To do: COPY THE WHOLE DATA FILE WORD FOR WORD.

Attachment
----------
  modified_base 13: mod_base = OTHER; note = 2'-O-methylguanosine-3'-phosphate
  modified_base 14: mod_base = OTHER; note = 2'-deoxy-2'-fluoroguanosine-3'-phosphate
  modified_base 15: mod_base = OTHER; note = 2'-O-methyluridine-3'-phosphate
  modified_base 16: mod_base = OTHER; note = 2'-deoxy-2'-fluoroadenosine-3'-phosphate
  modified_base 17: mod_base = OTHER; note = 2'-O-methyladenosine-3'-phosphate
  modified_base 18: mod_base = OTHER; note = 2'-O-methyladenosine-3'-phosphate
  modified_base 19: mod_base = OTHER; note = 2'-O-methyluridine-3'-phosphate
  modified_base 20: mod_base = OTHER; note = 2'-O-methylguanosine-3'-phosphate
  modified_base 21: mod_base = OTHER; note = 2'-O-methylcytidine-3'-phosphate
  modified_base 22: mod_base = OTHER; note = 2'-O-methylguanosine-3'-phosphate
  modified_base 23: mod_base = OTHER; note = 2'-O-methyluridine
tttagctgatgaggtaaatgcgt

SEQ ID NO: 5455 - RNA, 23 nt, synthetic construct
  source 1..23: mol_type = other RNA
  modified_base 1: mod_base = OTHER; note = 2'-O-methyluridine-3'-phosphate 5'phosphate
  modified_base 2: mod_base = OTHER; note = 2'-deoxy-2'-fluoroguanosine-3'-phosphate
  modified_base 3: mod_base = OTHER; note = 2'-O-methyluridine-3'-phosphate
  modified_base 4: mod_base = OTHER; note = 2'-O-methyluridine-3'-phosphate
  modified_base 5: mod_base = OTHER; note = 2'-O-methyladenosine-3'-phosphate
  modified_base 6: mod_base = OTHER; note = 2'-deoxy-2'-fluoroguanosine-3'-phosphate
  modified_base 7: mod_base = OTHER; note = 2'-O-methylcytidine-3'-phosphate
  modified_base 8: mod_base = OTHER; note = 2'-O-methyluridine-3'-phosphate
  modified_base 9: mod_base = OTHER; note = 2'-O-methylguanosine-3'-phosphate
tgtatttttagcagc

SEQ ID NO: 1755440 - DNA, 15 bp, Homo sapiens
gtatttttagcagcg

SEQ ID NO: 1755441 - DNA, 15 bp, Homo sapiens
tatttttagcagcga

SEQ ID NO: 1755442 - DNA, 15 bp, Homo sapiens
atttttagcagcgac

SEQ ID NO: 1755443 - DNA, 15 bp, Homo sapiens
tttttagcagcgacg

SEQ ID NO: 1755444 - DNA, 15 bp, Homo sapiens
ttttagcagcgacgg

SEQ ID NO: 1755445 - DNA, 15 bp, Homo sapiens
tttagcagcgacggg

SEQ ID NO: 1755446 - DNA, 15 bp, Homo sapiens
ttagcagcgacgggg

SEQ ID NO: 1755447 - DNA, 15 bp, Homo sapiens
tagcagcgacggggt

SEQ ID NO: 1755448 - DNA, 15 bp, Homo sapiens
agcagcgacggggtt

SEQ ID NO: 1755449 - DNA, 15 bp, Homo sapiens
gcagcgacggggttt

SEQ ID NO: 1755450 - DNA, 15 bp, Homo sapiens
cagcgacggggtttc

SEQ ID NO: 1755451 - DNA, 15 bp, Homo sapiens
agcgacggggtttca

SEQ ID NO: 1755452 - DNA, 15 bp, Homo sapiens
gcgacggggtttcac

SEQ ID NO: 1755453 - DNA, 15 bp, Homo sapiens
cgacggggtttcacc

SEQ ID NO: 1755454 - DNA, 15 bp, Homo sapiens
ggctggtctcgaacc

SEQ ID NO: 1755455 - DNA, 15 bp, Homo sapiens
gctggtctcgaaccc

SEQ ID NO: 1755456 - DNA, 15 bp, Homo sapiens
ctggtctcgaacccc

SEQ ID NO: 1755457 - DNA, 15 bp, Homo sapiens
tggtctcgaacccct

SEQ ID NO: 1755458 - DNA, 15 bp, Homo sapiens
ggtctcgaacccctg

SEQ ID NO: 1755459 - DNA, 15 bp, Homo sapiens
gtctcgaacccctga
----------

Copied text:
  modified_base 13: mod_base = OTHER; note = 2'-O-methylguanosine-3'-phosphate
  modified_base 14: mod_base = OTHER; note = 2'-deoxy-2'-fluoroguanosine-3'-phosphate
  modified_base 15: mod_base = OTHER; note = 2'-O-methyluridine-3'-phosphate
  modified_base 16: mod_base = OTHER; note = 2'-deoxy-2'-fluoroadenosine-3'-phosphate
  modified_base 17: mod_base = OTHER; note = 2'-O-methyladenosine-3'-phosphate
  modified_base 18: mod_base = OTHER; note = 2'-O-methyladenosine-3'-phosphate
  modified_base 19: mod_base = OTHER; note = 2'-O-methyluridine-3'-phosphate
  modified_base 20: mod_base = OTHER; note = 2'-O-methylguanosine-3'-phosphate
  modified_base 21: mod_base = OTHER; note = 2'-O-methylcytidine-3'-phosphate
  modified_base 22: mod_base = OTHER; note = 2'-O-methylguanosine-3'-phosphate
  modified_base 23: mod_base = OTHER; note = 2'-O-methyluridine
tttagctgatgaggtaaatgcgt

SEQ ID NO: 5455 - RNA, 23 nt, synthetic construct
  source 1..23: mol_type = other RNA
  modified_base 1: mod_base = OTHER; note = 2'-O-methyluridine-3'-phosphate 5'phosphate
  modified_base 2: mod_base = OTHER; note = 2'-deoxy-2'-fluoroguanosine-3'-phosphate
  modified_base 3: mod_base = OTHER; note = 2'-O-methyluridine-3'-phosphate
  modified_base 4: mod_base = OTHER; note = 2'-O-methyluridine-3'-phosphate
  modified_base 5: mod_base = OTHER; note = 2'-O-methyladenosine-3'-phosphate
  modified_base 6: mod_base = OTHER; note = 2'-deoxy-2'-fluoroguanosine-3'-phosphate
  modified_base 7: mod_base = OTHER; note = 2'-O-methylcytidine-3'-phosphate
  modified_base 8: mod_base = OTHER; note = 2'-O-methyluridine-3'-phosphate
  modified_base 9: mod_base = OTHER; note = 2'-O-methylguanosine-3'-phosphate
tgtatttttagcagc

SEQ ID NO: 1755440 - DNA, 15 bp, Homo sapiens
gtatttttagcagcg

SEQ ID NO: 1755441 - DNA, 15 bp, Homo sapiens
tatttttagcagcga

SEQ ID NO: 1755442 - DNA, 15 bp, Homo sapiens
atttttagcagcgac

SEQ ID NO: 1755443 - DNA, 15 bp, Homo sapiens
tttttagcagcgacg

SEQ ID NO: 1755444 - DNA, 15 bp, Homo sapiens
ttttagcagcgacgg

SEQ ID NO: 1755445 - DNA, 15 bp, Homo sapiens
tttagcagcgacggg

SEQ ID NO: 1755446 - DNA, 15 bp, Homo sapiens
ttagcagcgacgggg

SEQ ID NO: 1755447 - DNA, 15 bp, Homo sapiens
tagcagcgacggggt

SEQ ID NO: 1755448 - DNA, 15 bp, Homo sapiens
agcagcgacggggtt

SEQ ID NO: 1755449 - DNA, 15 bp, Homo sapiens
gcagcgacggggttt

SEQ ID NO: 1755450 - DNA, 15 bp, Homo sapiens
cagcgacggggtttc

SEQ ID NO: 1755451 - DNA, 15 bp, Homo sapiens
agcgacggggtttca

SEQ ID NO: 1755452 - DNA, 15 bp, Homo sapiens
gcgacggggtttcac

SEQ ID NO: 1755453 - DNA, 15 bp, Homo sapiens
cgacggggtttcacc

SEQ ID NO: 1755454 - DNA, 15 bp, Homo sapiens
ggctggtctcgaacc

SEQ ID NO: 1755455 - DNA, 15 bp, Homo sapiens
gctggtctcgaaccc

SEQ ID NO: 1755456 - DNA, 15 bp, Homo sapiens
ctggtctcgaacccc

SEQ ID NO: 1755457 - DNA, 15 bp, Homo sapiens
tggtctcgaacccct

SEQ ID NO: 1755458 - DNA, 15 bp, Homo sapiens
ggtctcgaacccctg

SEQ ID NO: 1755459 - DNA, 15 bp, Homo sapiens
gtctcgaacccctga